Category: General Article
Wednesday, August 26, 2015
Summary: DEEPEND grad student Laura Timm talks about a fascinating deep-sea animal with a deceptively horrific name – the vampire squid!
Good morning Virtual Research Team!
Today we woke up early and ate breakfast (there is a full kitchen on the ship and a cook who makes sure we all get hot meals) before deploying the nets. Dr. Frank told you about MOCNESS. It is exciting to watch the Team deploy MOCNESS. MOCNESS attaches to a thick metal cable connected to the A-frame and pulley system. We release the net out to sea, then reeled back in, sort of like a giant fishing reel.
The nets were in the water a long time: six hours! This gave the nets enough time to get as deep as we needed and then pulled back on to the ship. When we pulled the nets back up, we found many cool animals!
When the water is that deep, there is no sunlight and animals need to find different ways to sense their surroundings and communicate with each other. We found black fish with spots that glow (bioluminesce), bright red shrimp with long antennae, and squid with giant eyes.
Today, I helped Team Cephalopod collect individuals. I’m so glad because we found a vampire squid!
A vampire squid is a small squid. Adults are usually less than a foot long. The one we caught today was only a couple of inches long.
One of the cephalopod experts shared with me how it got its name. The scientific name for the vampire squid is Vampyroteuthis infernalis. This is Latin and it roughly translates to "the “vampire squid from Hades.” The vampire squid was discovered and named more than 100 years ago in 1903. That was a few years after the publication of DRACULA by Bram Stoker (1897).
Just like today, the person who discovers an animal gets to name it. The little beauty’s jet-black skin and red eyes (in certain lights) reminded the person of a vampire.
The vampire squid lives 1,969 to 2,625 feet (600-800 m) down.
As you can see from the illustration, the vampire squid’s arms are webbed. It may look like a scary predator, but looks are deceiving. The vampire squid is a scavenger which eats marine snow. Marine snow is made up of bits and pieces of dead animals, algae, feces, and organic debris that sink from above. Scientists call a vampire squid a “detritivore.”
How does it capture marine snow? It floats in the water and waves a long filament (you can see the filaments in the illustration). The filament captures marine snow. That may not seem like much to eat, but the vampire squid is incredibly energy efficient. Its diet and deceptively simple way of gathering food means it doesn’t burn as many calories as… say a fast swimming fish does.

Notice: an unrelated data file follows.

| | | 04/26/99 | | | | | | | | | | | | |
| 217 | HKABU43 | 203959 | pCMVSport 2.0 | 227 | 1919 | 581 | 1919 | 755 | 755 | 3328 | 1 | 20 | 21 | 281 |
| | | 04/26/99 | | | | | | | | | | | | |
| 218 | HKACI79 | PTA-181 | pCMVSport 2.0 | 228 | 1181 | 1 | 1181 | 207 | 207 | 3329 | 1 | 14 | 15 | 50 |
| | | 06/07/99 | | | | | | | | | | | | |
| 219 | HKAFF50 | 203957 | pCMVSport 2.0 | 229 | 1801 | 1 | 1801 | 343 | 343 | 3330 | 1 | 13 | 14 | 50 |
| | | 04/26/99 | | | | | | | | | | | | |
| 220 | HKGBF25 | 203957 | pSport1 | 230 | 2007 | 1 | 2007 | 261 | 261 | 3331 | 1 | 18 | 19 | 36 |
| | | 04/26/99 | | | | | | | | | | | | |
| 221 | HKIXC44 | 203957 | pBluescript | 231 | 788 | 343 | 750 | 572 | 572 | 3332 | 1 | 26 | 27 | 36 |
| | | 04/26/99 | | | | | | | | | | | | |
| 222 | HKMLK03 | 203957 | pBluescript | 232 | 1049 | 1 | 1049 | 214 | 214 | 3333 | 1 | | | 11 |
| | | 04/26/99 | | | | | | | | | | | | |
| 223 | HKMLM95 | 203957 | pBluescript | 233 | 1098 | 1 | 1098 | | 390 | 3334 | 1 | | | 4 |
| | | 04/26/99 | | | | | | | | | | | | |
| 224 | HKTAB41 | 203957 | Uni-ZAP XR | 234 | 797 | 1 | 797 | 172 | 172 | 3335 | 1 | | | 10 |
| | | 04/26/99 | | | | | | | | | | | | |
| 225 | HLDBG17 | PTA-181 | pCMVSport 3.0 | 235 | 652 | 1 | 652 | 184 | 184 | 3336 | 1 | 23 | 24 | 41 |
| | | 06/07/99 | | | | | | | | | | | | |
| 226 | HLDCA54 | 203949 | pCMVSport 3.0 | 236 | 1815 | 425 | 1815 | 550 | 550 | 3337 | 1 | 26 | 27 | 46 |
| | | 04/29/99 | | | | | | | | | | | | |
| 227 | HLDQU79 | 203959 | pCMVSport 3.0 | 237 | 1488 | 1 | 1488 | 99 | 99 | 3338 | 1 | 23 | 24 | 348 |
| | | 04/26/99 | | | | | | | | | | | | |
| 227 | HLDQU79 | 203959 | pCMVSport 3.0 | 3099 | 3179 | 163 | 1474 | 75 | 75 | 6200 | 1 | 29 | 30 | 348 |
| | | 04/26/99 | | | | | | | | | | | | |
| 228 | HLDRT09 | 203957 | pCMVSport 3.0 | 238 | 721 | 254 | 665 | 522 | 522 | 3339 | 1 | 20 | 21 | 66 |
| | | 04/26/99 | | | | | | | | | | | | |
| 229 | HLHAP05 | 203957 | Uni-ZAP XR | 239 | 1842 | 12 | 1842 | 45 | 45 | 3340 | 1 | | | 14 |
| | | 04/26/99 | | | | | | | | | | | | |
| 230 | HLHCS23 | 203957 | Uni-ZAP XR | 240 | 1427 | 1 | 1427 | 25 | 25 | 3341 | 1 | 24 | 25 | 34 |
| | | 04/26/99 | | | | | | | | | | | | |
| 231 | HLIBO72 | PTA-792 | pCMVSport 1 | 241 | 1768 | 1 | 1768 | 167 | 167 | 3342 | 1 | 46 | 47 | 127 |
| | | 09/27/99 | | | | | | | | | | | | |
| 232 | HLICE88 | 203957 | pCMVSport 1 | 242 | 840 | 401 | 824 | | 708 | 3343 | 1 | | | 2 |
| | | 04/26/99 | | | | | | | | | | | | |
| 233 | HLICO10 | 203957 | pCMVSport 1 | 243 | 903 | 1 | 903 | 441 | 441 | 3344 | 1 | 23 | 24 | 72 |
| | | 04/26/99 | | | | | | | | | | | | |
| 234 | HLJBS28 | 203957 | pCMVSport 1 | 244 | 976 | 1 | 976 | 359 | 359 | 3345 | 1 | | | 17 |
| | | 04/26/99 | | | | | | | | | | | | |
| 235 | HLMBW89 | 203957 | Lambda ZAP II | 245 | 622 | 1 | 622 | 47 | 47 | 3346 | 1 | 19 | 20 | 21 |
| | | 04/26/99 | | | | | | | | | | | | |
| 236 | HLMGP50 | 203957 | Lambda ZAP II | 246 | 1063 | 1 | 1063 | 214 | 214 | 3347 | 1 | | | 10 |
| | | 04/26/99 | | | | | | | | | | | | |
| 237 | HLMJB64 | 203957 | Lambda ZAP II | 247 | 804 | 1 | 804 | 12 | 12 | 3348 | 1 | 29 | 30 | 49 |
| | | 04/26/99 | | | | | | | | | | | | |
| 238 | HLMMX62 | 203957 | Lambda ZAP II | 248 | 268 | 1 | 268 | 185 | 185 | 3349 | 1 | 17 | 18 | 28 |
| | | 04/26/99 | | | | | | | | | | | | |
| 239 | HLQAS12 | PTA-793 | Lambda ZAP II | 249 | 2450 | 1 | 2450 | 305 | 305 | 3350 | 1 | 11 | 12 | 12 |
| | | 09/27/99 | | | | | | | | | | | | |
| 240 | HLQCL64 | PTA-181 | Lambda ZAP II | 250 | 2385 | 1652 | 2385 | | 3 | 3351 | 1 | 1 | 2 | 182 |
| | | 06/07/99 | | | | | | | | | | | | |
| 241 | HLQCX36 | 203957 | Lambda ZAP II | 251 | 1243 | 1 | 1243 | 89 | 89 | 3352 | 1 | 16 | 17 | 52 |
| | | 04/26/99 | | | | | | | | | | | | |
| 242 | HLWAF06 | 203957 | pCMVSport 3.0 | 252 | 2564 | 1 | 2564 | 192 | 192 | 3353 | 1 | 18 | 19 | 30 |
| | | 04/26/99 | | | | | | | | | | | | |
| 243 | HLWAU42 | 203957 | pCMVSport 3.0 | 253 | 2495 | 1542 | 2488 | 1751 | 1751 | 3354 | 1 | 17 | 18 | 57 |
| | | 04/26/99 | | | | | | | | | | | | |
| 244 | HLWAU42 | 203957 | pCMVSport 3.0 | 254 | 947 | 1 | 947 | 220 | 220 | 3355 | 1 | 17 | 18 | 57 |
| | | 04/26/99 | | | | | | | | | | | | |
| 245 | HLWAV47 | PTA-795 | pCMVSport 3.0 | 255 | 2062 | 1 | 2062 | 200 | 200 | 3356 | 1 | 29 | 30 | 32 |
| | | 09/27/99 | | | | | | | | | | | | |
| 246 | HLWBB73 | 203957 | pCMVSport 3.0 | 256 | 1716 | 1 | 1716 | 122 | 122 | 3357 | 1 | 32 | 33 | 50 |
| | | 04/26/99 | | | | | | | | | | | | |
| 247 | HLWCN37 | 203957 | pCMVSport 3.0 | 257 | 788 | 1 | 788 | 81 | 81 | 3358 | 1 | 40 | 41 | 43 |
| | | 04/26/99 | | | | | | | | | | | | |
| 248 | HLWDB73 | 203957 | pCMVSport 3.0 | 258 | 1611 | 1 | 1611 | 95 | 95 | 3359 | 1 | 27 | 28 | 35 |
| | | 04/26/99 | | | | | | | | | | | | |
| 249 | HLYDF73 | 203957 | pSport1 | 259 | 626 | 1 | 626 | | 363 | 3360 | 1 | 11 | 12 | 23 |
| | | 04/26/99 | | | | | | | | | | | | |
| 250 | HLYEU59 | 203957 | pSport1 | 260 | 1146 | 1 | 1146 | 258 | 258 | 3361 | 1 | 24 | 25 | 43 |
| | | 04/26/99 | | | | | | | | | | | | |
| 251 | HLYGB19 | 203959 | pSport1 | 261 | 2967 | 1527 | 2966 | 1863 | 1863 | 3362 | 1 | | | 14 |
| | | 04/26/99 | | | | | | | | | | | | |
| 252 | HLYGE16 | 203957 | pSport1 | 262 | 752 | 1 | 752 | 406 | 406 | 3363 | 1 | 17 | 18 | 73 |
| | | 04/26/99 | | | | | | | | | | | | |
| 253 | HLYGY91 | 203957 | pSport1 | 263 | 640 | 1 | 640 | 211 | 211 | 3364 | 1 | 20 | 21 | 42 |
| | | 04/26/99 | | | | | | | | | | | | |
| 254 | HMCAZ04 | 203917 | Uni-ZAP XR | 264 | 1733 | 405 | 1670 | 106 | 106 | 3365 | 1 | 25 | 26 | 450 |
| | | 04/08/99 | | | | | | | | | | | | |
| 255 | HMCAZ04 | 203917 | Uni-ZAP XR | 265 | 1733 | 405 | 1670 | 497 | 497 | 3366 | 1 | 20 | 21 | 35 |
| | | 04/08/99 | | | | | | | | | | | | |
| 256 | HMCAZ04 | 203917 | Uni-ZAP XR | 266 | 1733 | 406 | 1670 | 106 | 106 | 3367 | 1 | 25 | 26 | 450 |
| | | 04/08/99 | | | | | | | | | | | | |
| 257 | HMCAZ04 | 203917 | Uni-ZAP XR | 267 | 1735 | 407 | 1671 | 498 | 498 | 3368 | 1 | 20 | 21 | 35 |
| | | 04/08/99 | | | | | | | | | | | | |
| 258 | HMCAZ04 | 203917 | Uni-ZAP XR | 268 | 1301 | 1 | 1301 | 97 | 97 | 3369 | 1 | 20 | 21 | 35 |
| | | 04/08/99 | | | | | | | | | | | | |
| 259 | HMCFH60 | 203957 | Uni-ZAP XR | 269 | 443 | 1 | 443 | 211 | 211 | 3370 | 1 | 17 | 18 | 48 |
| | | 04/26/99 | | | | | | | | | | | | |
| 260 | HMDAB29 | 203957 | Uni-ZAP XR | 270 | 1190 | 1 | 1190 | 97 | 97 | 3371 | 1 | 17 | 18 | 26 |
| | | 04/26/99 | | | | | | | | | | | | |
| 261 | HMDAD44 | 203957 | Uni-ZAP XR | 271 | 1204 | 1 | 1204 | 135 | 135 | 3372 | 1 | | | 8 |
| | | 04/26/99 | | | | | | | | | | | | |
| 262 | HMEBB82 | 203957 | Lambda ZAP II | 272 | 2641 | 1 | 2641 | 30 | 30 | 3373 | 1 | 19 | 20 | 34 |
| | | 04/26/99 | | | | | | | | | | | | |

Like many animals in the deep, the squid is uses bioluminescence. When startled or threatened, it puts on quite a light show to confuse or trick the predator. If that’s not enough, it can do something else. You may know that some shallow-water octopus and squid release a jet of black ink to startle or confuse predators. In a dark world, ink wouldn’t do much good. When startled, the vampire squid releases a cloud of glowing slime. Between a light show and a cloud of lights in the dark, it has some fascinating ways to protect itself.
It’s such a cool animal and now that I know how it got its name, it seems even more fun.
I was thinking…the person who discovers a new plant or animal also gets the honor of giving it its scientific name. An animal’s scientific name might tell you what the discoverer thought it looked like or the way it behaved. Some name the new species in honor of a colleague, friend, or family member. Some scientists even have a sense of humor, like thinking of Dracula when naming this squid.
Maybe we’ll discover some new species on our DEEPEND cruise and be able to name them!
Today was really exciting! I’ve never been on a research cruise that trawls so deep and I saw a lot of animals for the very first time. We’ll keep searching for new things here in the Gulf of Mexico!
Remember to send us your questions – and we’d love to hear about the animal you might discover. Anchors away!
Laura Timm, DEEPEND Grad Student
Vampire squid illustration by Michael Cole, Oregon Coast Aquarium.